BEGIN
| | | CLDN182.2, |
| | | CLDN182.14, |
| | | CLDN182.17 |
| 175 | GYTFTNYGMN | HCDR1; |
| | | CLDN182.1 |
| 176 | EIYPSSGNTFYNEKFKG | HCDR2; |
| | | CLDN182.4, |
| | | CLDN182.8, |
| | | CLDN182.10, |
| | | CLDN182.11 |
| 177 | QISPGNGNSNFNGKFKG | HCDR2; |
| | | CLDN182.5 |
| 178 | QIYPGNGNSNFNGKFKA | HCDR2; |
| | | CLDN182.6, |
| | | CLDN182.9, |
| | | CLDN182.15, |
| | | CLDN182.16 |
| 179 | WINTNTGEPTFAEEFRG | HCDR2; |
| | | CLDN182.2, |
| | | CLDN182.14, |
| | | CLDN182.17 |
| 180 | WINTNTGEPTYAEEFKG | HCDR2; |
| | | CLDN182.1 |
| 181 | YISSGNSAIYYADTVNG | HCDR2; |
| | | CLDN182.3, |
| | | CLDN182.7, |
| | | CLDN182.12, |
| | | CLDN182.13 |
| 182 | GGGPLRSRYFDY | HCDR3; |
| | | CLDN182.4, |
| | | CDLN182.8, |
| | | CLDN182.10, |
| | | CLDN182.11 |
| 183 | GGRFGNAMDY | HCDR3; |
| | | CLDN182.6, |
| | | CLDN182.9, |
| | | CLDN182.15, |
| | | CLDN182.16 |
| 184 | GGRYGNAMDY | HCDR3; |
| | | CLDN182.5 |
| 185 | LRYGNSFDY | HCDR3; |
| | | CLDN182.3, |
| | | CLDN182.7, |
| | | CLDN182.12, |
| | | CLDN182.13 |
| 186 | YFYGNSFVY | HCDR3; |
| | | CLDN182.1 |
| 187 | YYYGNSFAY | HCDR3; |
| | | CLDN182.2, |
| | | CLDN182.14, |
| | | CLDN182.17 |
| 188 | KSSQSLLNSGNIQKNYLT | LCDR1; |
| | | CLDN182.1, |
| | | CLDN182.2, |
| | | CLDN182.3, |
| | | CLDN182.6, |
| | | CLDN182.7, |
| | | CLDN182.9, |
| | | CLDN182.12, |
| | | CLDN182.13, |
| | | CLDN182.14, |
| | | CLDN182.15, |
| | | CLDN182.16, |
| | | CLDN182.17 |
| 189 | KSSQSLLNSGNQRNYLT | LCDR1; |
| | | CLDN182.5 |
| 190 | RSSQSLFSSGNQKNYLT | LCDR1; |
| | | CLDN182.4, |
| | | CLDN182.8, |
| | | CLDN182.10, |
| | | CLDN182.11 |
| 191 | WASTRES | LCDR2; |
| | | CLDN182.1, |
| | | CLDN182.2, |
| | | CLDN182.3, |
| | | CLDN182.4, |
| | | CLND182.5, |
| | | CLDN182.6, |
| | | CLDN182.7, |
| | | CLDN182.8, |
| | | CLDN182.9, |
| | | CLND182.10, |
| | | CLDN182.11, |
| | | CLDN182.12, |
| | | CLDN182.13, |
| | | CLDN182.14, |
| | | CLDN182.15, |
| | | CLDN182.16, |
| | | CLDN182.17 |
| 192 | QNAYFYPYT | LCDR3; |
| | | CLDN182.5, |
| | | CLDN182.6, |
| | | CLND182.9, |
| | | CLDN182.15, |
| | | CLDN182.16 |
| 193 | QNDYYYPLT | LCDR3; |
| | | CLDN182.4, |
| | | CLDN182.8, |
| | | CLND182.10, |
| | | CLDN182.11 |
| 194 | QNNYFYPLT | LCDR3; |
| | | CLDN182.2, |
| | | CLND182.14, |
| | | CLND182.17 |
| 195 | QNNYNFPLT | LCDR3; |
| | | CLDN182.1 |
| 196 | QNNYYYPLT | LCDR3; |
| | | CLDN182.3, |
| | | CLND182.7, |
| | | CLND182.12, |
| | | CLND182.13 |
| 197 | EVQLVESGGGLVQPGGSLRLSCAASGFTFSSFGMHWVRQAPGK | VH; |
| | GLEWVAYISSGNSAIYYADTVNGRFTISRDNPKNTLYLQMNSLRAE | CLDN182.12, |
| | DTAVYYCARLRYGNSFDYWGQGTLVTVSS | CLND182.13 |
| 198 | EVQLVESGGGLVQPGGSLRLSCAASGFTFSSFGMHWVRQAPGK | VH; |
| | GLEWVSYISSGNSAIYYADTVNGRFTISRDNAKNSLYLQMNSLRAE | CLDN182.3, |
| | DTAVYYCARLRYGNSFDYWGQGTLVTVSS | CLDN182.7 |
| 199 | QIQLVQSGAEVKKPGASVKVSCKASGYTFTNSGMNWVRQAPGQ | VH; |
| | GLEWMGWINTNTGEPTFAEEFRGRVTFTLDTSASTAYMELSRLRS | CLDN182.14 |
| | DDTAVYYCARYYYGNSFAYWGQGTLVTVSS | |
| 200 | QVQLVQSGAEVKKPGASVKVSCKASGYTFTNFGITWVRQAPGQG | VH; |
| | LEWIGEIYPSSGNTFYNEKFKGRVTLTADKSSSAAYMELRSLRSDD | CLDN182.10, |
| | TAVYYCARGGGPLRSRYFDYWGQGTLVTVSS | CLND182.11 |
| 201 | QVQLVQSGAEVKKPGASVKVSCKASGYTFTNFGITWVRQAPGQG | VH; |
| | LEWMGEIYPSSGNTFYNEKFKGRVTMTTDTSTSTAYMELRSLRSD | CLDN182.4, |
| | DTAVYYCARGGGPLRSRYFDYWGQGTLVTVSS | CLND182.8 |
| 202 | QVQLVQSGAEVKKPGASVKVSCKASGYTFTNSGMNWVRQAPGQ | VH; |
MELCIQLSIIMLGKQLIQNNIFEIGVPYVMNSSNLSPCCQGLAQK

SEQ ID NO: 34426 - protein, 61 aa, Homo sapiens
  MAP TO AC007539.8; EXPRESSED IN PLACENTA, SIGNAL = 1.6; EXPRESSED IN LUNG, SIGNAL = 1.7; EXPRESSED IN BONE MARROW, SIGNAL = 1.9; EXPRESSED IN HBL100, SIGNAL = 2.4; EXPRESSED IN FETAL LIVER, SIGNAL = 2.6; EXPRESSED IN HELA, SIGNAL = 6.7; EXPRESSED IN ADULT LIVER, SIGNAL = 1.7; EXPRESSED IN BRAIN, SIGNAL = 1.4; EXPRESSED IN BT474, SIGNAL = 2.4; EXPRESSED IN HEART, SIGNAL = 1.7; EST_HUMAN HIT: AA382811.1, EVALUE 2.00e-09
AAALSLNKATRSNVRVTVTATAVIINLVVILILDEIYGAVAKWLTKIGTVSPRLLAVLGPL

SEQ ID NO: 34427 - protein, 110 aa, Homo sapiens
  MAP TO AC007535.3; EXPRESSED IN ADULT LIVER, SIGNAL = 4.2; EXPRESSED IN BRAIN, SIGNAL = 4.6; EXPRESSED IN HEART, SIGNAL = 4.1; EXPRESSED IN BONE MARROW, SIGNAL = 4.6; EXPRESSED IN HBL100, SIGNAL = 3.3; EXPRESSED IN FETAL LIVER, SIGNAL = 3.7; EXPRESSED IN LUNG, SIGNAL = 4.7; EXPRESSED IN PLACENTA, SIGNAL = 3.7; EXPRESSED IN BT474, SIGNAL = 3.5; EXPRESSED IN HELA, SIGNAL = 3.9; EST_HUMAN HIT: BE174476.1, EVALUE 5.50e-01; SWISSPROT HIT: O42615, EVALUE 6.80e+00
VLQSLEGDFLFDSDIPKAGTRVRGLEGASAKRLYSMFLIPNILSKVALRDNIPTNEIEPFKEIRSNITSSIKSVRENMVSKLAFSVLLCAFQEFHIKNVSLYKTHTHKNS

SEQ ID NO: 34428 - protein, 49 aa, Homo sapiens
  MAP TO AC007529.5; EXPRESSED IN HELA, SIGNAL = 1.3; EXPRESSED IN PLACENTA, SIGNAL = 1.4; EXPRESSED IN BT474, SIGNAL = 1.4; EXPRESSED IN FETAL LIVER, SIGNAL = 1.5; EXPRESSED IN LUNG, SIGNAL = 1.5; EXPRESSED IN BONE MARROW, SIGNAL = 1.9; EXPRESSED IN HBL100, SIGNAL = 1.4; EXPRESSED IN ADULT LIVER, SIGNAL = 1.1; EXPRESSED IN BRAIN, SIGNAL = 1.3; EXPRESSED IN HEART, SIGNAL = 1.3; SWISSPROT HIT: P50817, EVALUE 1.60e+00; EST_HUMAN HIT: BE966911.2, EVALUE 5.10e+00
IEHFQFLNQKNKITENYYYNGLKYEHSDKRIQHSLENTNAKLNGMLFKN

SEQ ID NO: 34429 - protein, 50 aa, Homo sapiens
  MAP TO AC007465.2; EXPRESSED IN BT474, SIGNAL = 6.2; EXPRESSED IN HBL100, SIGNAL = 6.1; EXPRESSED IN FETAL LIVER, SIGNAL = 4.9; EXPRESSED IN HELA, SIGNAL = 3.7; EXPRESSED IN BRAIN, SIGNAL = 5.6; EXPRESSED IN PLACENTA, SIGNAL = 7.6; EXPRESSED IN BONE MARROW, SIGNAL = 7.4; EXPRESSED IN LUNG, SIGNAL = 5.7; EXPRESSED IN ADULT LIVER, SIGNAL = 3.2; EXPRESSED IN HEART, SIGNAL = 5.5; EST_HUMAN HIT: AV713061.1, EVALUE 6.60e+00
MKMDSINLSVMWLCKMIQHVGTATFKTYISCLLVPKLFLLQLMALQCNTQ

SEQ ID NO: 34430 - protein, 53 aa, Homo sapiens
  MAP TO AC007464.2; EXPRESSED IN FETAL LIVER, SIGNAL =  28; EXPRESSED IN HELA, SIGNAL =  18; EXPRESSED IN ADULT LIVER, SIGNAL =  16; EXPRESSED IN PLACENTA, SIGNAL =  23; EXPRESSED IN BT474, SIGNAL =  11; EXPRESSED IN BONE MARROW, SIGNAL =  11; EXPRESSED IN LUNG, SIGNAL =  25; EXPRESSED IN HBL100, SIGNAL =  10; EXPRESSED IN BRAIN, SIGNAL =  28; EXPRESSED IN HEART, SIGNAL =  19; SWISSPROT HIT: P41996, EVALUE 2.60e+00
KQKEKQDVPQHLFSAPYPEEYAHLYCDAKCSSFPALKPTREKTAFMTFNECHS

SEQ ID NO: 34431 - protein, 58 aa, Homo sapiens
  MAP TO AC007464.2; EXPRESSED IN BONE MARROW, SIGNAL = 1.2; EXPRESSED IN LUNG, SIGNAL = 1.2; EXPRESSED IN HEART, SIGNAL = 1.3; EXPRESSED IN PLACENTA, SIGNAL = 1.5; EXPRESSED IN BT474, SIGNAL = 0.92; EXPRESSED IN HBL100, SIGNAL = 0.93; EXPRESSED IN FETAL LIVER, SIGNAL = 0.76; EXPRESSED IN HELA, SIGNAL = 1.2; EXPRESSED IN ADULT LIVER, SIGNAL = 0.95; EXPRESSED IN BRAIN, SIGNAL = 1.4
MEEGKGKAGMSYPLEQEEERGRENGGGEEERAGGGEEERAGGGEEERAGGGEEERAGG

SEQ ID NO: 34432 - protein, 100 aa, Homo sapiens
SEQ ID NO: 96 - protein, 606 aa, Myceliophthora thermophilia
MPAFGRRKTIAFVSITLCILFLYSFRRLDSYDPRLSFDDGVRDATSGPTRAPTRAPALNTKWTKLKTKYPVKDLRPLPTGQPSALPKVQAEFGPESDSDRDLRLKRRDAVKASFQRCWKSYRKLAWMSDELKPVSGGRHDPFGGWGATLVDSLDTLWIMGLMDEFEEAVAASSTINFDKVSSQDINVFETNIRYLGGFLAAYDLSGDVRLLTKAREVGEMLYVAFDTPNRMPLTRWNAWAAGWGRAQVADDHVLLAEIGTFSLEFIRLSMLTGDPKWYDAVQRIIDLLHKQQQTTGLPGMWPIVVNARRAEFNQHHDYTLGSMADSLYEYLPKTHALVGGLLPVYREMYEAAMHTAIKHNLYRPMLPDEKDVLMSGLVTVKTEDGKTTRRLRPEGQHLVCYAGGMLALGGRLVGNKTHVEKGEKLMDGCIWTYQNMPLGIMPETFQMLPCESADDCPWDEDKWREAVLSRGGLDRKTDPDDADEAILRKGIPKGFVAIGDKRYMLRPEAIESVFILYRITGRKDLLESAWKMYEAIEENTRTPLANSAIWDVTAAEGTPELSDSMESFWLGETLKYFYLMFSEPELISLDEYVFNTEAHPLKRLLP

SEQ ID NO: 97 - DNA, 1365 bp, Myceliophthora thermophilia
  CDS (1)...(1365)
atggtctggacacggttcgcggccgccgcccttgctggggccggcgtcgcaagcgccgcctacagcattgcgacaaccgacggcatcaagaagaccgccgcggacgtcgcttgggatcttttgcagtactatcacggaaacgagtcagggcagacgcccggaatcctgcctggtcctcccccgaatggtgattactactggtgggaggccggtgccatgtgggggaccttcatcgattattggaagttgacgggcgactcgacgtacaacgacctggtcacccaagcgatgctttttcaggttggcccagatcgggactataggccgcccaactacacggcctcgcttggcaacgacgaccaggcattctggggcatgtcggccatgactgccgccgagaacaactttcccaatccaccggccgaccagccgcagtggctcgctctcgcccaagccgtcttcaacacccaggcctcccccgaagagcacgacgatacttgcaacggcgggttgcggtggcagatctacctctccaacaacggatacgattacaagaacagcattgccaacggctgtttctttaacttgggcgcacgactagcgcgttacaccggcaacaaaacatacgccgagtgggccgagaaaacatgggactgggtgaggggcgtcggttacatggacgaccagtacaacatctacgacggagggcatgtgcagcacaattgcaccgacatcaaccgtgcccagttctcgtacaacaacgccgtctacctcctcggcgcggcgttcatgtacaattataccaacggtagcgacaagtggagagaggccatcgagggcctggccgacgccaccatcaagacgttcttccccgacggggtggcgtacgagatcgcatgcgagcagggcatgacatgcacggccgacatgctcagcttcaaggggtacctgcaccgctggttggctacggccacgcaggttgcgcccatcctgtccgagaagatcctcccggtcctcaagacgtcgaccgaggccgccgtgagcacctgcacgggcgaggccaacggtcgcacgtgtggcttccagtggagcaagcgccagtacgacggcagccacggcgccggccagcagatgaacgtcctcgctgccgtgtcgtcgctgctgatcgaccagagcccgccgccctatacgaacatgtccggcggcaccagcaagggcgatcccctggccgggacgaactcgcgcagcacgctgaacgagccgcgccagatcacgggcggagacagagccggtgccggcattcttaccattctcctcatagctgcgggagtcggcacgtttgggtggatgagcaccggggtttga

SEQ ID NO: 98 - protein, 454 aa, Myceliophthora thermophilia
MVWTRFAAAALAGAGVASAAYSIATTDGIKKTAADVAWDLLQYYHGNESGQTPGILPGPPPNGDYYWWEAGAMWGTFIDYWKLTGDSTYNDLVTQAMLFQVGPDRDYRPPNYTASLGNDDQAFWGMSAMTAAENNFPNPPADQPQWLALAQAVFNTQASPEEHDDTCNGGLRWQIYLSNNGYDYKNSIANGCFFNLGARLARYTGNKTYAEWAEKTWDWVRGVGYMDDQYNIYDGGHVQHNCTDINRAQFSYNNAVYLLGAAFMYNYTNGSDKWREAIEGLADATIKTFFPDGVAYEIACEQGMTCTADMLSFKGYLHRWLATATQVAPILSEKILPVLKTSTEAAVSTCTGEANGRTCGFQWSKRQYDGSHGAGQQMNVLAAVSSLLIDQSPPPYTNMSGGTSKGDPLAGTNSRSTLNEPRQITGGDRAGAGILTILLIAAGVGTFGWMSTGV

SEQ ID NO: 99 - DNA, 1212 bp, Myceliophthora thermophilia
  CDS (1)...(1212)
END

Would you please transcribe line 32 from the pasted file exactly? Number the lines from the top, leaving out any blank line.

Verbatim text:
| | | CLDN182.10, |